The cross ratio

As mentioned before, projective geometry preserves neither distances nor
ratios of distances. However, the *cross ratio*, which is a ratio of
ratios of distances, is preserved and is therefore a useful concept.
Given four collinear points
,
,
,
and
in
,
denote the Euclidean distance between two points
and
as
.
Then, one definition of the cross ratio is the following:

In other words, select one of the points, say , to be a reference point. Compute the ratio of distances from that point to two other points, say and . Then compute the ratio of distances from the remaining point, in this case , to the same two points. The ratio of these ratios is invariant under projective transformations.

The Euclidean distance between two points
and
is computed from the 2D Euclidean points
obtained by dividing by the third coordinate, as mentioned in section
2.1.1:

Actually, the cross ratio is the same no matter which coordinate is used as the divisor (as long as the same coordinate is used for all the points); thus, if all the points lie on the ideal line (

Although the cross ratio is invariant once what the order of the
points has been chosen, its value is different depending on that order. Four
points can be chosen 4! = 24 ways, but in fact only six distinct values
are produced, which are related by the set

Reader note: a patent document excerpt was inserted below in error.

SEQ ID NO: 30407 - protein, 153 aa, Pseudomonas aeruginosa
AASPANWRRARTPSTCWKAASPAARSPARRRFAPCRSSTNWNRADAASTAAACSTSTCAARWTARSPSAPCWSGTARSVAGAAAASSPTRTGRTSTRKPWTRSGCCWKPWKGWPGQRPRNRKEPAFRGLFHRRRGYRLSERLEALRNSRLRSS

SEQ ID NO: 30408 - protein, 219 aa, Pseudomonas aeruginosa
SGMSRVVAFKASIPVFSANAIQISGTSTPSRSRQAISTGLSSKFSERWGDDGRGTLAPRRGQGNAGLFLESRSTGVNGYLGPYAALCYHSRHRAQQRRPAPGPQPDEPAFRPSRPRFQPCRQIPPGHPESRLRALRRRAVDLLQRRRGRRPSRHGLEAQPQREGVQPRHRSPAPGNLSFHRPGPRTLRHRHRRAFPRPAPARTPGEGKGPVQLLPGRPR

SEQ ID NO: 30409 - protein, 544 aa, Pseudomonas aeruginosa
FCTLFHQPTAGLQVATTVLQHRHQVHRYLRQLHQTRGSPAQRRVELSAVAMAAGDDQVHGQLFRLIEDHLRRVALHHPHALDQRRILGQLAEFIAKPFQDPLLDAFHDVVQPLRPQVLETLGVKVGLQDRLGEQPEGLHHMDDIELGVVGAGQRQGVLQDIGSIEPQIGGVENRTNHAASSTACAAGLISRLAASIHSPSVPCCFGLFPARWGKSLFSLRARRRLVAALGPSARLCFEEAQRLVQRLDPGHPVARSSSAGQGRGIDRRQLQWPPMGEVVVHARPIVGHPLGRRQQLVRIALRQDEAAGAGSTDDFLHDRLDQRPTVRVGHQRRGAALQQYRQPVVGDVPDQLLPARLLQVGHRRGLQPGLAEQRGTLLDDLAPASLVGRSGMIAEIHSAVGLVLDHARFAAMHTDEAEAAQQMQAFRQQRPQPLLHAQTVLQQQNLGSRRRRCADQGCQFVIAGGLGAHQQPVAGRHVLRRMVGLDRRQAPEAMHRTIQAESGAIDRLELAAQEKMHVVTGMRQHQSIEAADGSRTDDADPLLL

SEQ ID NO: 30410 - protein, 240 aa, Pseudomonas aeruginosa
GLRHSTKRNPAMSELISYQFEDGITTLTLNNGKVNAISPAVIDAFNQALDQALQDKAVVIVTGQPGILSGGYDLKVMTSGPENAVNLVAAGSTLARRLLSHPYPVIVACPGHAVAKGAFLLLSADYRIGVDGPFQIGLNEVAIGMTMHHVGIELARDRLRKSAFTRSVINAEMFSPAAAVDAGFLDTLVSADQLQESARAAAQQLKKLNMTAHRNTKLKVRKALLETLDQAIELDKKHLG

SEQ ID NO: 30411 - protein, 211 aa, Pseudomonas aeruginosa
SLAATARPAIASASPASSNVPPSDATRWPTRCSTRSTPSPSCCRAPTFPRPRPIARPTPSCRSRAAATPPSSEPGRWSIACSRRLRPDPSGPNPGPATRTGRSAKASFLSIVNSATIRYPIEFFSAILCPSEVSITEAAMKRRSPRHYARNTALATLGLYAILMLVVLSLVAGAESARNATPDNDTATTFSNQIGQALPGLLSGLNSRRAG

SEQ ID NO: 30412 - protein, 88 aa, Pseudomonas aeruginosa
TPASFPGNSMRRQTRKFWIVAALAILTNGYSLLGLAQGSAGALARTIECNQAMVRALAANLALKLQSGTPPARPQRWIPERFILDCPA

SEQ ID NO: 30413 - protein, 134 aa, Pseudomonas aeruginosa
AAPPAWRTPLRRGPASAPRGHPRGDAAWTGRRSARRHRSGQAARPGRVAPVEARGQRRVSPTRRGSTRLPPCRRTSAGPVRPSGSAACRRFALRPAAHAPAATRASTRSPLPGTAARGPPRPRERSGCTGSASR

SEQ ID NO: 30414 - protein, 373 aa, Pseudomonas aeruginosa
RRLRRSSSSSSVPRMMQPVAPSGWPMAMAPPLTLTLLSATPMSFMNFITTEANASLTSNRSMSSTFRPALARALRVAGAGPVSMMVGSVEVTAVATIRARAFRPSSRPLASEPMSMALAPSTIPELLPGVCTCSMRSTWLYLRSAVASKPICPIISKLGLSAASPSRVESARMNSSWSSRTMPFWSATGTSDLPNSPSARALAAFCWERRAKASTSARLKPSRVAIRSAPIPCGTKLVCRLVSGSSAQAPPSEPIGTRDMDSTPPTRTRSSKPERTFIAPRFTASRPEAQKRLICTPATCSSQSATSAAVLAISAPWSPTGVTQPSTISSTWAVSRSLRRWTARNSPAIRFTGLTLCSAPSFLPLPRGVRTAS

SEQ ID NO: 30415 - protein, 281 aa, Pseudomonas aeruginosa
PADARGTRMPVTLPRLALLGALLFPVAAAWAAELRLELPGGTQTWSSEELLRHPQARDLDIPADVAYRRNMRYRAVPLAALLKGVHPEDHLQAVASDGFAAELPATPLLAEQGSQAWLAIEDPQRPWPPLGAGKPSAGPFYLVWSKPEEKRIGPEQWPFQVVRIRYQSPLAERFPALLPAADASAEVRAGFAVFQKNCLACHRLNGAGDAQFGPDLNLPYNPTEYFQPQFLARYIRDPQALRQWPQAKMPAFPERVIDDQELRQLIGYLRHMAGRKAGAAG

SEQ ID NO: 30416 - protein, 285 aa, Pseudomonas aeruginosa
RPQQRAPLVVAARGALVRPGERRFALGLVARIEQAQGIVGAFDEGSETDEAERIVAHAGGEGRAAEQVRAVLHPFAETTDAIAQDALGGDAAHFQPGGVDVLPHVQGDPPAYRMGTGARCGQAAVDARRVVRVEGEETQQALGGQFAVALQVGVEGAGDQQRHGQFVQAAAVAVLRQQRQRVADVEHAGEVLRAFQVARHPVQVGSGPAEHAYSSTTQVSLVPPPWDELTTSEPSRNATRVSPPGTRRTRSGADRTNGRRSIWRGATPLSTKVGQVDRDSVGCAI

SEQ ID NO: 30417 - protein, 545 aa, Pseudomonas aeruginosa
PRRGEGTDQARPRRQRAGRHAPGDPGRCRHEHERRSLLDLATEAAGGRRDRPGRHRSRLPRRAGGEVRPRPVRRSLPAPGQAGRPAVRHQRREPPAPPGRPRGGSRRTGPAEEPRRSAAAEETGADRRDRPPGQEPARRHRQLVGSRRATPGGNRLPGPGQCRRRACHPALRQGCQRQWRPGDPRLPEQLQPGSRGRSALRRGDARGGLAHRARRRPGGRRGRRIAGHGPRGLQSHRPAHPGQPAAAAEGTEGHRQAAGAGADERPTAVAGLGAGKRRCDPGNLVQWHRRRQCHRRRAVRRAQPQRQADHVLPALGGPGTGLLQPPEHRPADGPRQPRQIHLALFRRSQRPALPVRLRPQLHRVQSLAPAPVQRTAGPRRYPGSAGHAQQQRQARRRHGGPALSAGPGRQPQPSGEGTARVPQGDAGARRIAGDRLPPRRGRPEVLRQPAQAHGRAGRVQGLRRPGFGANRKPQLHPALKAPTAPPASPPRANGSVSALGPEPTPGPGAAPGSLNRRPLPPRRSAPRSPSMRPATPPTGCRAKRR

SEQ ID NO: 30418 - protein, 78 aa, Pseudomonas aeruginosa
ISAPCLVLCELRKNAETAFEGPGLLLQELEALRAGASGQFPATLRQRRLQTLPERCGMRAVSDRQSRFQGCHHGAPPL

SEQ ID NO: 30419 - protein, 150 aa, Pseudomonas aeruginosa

As we hinted before, there are other measures of the cross ratio, all of which are also invariant under projective transformations. Not surprisingly, duality leads to a cross ratio for four concurrent lines by replacing the Euclidean distance between two points with the sine of the angle between two lines (I have not confirmed whether the cosine also works). Another less obvious way to measure the cross ratio between four concurrent lines is to use a new, arbitrary line that intersects them; the cross ratio of the lines is then defined as the cross ratio of the four points of intersection (The cross ratio will be the same no matter which line is used).

As a final comment on the cross ratio, it is worth noting that it does not require that the original points be collinear. For example, given five points in a star configuration, as shown in figure 6, we can connect the dots as shown in (a) to yield lines containing four collinear points, the points of intersection, whose cross ratio can be used. Another possibility is to draw lines from one of the points to the other four, as shown in (b), thus yielding four concurrent lines whose cross ratio can be used.